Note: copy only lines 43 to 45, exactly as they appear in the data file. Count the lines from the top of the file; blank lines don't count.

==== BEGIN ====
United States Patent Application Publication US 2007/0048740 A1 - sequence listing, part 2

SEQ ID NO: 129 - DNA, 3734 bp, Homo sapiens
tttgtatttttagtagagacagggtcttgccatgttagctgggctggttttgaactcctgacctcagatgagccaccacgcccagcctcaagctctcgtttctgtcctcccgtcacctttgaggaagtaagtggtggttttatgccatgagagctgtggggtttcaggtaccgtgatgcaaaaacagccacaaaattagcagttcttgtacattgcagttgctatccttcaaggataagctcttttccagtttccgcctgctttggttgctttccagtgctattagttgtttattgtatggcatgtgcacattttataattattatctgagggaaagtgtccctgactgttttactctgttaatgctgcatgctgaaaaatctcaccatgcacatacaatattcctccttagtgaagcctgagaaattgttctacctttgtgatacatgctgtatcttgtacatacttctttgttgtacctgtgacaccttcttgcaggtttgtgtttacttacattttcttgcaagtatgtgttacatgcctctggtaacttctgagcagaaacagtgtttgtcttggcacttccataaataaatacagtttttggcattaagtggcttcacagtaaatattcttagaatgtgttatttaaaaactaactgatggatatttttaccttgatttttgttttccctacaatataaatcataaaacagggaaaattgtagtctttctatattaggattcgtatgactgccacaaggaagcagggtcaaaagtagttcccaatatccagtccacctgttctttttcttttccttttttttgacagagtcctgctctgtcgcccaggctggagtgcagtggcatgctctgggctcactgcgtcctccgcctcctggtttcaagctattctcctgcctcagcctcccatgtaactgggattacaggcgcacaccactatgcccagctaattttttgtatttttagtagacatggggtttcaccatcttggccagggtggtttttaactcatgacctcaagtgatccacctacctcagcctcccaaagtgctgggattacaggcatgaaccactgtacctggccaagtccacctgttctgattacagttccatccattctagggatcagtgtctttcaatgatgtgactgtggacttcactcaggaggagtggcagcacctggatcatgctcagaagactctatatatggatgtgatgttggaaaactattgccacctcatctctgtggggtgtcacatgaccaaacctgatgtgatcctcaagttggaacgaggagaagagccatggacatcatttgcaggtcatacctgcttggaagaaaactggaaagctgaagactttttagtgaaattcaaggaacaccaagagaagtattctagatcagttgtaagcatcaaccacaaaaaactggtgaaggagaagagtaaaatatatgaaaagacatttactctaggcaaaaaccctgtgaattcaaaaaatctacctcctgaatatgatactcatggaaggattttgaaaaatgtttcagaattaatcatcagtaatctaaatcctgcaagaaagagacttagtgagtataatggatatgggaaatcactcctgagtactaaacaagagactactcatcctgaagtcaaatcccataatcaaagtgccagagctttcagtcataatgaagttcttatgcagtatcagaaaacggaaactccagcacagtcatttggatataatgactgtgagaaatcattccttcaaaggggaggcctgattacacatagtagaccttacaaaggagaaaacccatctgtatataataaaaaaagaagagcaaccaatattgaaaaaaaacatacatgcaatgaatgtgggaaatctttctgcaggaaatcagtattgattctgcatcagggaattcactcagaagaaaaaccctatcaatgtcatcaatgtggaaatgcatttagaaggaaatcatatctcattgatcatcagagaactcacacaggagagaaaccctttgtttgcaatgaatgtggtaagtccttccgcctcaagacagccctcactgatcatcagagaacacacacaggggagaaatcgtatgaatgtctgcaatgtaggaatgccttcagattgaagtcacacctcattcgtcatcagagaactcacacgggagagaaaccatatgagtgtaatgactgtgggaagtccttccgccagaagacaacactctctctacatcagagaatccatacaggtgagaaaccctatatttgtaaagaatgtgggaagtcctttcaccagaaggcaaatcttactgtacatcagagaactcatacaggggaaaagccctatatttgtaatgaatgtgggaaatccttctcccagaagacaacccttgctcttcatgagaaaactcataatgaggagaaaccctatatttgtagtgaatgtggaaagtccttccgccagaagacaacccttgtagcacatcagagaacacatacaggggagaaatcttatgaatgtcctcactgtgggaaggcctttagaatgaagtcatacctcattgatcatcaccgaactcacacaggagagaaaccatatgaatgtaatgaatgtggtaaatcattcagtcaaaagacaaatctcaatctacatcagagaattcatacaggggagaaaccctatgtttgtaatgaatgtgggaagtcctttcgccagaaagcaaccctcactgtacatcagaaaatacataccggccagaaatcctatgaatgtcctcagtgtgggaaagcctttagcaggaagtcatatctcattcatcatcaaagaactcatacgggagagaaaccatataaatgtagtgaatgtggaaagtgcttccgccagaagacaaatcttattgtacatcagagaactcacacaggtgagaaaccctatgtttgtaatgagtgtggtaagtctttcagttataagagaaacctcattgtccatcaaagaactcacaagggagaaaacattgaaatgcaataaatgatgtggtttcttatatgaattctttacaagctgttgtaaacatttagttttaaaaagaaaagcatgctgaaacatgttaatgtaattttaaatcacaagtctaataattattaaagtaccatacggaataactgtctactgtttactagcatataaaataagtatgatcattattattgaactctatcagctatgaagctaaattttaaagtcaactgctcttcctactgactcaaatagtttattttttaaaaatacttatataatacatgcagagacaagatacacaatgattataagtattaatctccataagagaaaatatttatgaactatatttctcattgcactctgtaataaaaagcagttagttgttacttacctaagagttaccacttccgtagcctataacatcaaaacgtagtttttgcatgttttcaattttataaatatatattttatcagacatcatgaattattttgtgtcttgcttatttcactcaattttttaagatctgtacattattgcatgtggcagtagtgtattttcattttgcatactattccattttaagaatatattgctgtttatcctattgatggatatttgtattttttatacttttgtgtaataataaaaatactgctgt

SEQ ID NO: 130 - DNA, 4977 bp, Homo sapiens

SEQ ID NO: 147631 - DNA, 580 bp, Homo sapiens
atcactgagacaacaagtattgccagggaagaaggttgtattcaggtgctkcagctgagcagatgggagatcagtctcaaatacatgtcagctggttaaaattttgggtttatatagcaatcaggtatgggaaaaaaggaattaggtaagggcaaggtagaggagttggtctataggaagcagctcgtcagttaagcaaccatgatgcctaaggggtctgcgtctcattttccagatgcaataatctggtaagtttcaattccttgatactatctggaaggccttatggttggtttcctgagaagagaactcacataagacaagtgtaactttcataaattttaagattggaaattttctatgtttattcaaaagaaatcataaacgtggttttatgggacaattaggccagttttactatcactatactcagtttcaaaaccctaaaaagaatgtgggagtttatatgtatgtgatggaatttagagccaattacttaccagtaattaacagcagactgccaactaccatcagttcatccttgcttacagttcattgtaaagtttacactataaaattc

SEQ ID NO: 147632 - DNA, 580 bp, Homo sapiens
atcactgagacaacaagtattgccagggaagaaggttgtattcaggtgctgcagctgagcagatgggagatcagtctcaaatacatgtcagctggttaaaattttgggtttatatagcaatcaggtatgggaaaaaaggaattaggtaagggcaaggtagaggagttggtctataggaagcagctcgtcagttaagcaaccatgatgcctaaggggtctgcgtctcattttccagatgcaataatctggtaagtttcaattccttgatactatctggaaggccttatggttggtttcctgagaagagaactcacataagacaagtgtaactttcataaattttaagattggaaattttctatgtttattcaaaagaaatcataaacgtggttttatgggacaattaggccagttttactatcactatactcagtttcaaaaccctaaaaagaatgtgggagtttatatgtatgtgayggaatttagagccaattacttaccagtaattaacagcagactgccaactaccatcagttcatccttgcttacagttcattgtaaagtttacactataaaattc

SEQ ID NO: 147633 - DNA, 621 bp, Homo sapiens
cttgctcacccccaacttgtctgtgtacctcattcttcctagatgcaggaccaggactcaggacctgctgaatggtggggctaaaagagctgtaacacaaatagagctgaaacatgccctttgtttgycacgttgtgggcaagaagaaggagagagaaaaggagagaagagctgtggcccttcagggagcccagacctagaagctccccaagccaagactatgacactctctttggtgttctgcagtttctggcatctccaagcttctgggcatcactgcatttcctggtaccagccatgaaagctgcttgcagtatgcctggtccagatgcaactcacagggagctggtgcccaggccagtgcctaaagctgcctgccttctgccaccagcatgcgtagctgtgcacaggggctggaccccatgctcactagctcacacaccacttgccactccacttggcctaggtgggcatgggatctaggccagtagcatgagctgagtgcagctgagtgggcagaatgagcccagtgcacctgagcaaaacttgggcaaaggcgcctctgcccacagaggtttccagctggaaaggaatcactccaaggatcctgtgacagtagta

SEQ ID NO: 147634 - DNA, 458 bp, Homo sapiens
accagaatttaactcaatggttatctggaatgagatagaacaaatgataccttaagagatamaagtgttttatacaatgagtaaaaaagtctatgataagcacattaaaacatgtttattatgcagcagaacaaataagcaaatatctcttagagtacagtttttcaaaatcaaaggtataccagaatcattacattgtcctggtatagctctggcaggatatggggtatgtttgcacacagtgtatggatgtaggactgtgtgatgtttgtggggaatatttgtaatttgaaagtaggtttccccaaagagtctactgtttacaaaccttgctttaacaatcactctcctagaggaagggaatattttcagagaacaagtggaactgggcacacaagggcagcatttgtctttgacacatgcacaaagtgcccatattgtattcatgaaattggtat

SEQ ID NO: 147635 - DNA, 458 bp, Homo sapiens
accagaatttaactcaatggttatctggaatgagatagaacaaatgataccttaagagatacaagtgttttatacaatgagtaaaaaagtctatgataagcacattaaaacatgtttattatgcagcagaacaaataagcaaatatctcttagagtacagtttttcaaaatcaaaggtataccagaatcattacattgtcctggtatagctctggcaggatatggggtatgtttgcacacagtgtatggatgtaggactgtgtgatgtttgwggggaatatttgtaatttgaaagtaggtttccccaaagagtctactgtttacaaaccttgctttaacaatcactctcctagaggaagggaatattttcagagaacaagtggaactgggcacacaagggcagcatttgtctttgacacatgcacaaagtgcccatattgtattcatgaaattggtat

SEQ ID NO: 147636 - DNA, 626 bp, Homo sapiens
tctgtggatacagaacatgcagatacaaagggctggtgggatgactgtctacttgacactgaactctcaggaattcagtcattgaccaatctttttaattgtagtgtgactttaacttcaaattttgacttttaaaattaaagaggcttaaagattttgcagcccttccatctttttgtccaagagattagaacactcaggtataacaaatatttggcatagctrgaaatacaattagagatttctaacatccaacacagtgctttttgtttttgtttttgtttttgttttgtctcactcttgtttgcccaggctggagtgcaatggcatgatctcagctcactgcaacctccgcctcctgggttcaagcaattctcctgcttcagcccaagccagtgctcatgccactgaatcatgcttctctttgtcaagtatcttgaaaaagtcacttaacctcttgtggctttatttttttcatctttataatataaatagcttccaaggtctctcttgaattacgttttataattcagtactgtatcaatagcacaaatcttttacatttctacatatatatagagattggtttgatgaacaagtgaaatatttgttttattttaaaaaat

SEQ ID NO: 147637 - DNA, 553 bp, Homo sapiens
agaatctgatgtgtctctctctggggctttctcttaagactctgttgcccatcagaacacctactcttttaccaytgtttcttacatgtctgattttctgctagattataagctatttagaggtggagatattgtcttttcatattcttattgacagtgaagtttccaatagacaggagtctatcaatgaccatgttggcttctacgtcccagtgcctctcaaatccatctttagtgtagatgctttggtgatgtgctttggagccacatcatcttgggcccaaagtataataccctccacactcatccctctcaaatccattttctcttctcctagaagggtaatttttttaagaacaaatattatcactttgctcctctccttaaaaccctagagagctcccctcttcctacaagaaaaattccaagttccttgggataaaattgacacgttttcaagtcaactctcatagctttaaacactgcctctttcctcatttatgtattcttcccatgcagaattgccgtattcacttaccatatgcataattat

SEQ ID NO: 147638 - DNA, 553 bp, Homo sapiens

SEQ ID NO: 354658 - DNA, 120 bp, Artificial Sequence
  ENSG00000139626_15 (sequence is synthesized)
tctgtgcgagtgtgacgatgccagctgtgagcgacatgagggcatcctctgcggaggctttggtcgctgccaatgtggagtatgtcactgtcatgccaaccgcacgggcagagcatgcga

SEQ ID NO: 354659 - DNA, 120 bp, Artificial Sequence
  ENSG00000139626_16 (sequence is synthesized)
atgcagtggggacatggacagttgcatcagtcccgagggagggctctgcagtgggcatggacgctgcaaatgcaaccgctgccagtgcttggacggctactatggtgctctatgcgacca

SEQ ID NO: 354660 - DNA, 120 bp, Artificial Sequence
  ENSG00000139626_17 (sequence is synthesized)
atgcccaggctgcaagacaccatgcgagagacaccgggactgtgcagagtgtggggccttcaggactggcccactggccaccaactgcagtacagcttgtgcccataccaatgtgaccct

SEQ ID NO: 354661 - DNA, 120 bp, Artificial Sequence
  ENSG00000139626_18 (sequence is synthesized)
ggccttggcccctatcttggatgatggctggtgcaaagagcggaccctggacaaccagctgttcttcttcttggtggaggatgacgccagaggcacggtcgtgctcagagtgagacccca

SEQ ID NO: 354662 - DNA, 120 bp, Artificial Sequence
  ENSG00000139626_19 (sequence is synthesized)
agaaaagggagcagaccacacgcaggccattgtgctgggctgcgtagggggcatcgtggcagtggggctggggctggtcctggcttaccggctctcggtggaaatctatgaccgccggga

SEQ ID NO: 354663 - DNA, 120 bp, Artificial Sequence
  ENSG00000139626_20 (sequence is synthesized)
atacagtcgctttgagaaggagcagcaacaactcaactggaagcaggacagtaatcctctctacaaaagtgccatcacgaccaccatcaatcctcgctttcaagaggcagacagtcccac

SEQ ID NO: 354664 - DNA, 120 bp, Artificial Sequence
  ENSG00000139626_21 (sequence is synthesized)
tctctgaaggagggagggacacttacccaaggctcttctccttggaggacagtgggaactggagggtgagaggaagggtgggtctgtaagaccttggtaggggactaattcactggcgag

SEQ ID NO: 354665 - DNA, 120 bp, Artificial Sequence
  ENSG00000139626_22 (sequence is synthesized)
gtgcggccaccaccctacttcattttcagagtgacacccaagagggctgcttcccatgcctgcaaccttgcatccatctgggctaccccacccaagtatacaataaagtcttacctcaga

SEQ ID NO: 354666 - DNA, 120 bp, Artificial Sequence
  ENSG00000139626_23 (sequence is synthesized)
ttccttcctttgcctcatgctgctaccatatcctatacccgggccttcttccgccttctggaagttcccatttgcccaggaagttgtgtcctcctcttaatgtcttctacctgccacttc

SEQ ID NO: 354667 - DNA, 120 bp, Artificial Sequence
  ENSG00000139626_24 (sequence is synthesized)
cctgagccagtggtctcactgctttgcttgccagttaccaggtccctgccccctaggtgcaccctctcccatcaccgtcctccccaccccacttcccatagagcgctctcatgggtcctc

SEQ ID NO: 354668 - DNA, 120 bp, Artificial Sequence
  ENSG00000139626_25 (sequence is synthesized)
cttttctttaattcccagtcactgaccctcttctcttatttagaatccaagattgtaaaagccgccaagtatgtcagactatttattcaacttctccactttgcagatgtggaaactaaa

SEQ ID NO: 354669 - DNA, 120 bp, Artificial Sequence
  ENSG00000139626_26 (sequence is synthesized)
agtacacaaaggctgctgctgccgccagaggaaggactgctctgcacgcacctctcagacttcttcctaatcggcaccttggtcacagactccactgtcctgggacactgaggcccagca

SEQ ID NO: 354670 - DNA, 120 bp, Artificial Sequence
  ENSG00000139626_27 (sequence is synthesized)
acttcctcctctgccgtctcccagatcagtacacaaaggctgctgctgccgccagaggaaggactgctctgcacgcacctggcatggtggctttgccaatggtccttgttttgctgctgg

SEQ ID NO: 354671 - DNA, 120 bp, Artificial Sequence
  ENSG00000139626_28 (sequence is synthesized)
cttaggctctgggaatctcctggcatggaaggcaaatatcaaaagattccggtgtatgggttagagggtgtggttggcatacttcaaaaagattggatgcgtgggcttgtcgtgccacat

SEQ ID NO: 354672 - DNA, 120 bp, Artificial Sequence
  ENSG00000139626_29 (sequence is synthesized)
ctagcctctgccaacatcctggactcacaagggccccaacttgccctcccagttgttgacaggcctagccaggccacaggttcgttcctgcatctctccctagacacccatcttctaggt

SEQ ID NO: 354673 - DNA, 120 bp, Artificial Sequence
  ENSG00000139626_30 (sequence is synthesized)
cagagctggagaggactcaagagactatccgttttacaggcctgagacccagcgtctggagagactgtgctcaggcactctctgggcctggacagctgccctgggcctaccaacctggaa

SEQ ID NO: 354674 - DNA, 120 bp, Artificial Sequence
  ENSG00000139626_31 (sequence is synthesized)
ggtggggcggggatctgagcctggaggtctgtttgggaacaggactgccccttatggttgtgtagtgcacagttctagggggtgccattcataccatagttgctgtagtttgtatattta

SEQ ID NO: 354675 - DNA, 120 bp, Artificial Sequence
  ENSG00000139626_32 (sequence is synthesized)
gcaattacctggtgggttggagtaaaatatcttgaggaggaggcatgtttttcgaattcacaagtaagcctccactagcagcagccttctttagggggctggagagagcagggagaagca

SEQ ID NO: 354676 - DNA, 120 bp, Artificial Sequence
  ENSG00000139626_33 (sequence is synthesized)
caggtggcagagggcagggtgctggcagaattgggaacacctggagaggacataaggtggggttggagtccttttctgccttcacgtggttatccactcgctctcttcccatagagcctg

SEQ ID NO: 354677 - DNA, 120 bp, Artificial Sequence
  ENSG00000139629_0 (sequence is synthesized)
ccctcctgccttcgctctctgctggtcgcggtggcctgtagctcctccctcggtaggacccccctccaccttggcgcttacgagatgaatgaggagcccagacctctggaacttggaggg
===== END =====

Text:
gtgcggccaccaccctacttcattttcagagtgacacccaagagggctgcttcccatgcctgcaaccttgcatccatctgggctaccccacccaagtatacaataaagtcttacctcaga

SEQ ID NO: 354666 - DNA, 120 bp, Artificial Sequence
  ENSG00000139626_23 (sequence is synthesized)